The one-drop rule was the classification of anyone with even one African ancestor, or one drop of African blood, as black. This rule began as a common social norm in the early 19th century and was ultimately enshrined in American miscegenation laws starting in 1924.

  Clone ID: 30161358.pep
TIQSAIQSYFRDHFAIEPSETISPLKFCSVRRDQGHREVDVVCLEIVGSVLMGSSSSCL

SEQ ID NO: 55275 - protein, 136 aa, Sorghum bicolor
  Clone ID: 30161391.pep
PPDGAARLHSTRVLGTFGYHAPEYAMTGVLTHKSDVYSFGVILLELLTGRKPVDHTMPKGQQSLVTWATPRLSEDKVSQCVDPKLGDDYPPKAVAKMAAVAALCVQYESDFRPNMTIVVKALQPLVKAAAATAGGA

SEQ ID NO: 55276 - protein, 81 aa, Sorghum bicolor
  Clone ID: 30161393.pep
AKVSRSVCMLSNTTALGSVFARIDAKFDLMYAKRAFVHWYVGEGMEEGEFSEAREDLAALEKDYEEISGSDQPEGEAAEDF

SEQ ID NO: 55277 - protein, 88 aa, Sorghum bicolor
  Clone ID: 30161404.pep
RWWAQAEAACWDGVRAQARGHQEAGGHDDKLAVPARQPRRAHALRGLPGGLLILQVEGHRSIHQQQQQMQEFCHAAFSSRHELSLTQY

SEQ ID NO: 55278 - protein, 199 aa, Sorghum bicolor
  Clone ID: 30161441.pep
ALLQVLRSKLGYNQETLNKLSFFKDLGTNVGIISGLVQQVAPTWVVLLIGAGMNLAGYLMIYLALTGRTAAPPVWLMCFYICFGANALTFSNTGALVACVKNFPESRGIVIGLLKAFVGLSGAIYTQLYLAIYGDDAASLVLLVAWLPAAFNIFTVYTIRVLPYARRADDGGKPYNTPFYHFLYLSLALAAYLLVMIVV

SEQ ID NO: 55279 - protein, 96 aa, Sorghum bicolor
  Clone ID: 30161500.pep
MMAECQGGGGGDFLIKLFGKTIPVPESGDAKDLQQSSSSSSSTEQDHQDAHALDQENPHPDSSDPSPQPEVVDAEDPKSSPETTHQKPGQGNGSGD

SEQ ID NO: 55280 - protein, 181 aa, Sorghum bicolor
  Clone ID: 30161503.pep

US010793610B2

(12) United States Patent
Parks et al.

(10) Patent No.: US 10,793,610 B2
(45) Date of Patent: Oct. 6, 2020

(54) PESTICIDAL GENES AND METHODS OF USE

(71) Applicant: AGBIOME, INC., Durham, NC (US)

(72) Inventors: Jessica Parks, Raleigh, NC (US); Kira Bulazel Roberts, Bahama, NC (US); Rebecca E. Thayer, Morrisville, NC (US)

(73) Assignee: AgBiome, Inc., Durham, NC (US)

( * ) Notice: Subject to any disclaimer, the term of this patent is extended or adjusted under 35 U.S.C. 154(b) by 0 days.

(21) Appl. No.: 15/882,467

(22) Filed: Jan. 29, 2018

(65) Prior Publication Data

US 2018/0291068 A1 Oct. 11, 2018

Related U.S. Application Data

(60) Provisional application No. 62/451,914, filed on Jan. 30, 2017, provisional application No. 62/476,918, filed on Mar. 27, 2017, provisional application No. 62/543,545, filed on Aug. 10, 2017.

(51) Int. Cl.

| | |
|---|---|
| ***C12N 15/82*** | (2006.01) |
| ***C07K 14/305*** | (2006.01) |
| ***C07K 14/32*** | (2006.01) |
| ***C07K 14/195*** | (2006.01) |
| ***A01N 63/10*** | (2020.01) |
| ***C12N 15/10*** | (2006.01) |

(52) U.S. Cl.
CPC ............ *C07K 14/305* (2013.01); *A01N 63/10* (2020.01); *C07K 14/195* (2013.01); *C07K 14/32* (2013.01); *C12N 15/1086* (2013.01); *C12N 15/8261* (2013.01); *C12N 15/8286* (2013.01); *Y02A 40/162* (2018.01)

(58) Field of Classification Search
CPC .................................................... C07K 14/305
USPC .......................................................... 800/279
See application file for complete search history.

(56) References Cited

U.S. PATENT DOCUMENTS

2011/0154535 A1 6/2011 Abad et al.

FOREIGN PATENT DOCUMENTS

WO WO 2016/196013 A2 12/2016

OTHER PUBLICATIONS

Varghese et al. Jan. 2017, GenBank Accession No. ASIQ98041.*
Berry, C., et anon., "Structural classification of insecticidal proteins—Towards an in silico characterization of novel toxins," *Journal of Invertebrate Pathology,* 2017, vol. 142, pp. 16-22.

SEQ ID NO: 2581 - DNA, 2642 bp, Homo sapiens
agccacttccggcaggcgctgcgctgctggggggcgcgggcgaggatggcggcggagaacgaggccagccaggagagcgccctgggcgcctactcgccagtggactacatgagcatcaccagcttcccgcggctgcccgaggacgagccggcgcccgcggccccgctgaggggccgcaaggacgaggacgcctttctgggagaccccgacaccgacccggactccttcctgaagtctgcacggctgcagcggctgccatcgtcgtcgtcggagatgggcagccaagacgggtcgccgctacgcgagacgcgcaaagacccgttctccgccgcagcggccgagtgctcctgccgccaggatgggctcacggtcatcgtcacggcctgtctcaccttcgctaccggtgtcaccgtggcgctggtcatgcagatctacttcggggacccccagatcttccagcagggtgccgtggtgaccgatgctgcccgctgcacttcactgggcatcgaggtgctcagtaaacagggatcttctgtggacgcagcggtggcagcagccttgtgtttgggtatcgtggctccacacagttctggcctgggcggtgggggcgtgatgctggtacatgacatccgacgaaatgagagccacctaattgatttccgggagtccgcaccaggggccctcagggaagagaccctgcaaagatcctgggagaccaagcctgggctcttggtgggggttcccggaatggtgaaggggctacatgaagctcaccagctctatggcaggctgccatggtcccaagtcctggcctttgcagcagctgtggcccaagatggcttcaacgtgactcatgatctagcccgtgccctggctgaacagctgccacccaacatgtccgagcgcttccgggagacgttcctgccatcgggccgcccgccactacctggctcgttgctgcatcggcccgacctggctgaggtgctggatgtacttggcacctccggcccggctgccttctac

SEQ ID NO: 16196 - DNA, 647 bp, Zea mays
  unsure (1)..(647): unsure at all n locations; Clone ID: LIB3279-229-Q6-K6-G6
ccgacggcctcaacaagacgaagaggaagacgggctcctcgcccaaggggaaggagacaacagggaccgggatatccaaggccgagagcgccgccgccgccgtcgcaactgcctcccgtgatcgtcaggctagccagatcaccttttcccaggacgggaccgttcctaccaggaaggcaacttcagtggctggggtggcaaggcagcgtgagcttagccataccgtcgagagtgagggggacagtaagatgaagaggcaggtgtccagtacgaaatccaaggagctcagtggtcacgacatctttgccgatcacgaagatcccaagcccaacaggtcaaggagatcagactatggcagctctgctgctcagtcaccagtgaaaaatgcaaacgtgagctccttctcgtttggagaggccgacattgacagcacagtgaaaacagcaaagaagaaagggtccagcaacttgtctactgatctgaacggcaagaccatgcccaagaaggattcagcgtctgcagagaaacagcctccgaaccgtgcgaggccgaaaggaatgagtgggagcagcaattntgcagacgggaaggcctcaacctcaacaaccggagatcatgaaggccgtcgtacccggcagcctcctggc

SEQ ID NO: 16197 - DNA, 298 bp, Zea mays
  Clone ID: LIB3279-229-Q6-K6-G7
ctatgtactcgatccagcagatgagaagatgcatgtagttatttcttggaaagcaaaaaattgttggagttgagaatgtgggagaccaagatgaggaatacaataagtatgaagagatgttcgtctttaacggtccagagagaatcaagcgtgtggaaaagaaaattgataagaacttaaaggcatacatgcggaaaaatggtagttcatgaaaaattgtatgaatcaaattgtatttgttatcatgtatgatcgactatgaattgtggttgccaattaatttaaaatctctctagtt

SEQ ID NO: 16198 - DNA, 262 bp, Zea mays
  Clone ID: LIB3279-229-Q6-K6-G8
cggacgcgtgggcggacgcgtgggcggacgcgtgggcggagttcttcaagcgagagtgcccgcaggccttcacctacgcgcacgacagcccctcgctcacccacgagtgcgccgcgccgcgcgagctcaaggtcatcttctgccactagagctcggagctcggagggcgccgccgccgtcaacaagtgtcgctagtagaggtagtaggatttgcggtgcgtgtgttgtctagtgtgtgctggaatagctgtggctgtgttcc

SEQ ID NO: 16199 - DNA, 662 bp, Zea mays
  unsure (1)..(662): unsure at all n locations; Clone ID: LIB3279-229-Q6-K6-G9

In colonial America, it was not uncommon for free blacks to intermarry with white European immigrants, resulting in several melungeon, or mixed, cultural groups that settled mostly in the Appalachians. Because there had been so much intermarriage early on, antebellum Southern lawmakers resisted a one-drop rule. However, during the Jim Crow era, there was a push for miscegenation laws that made defining races legally necessary. The Black Power movements of the 1960s also adopted the one-drop rule, counting anyone with black African ancestry as African-American.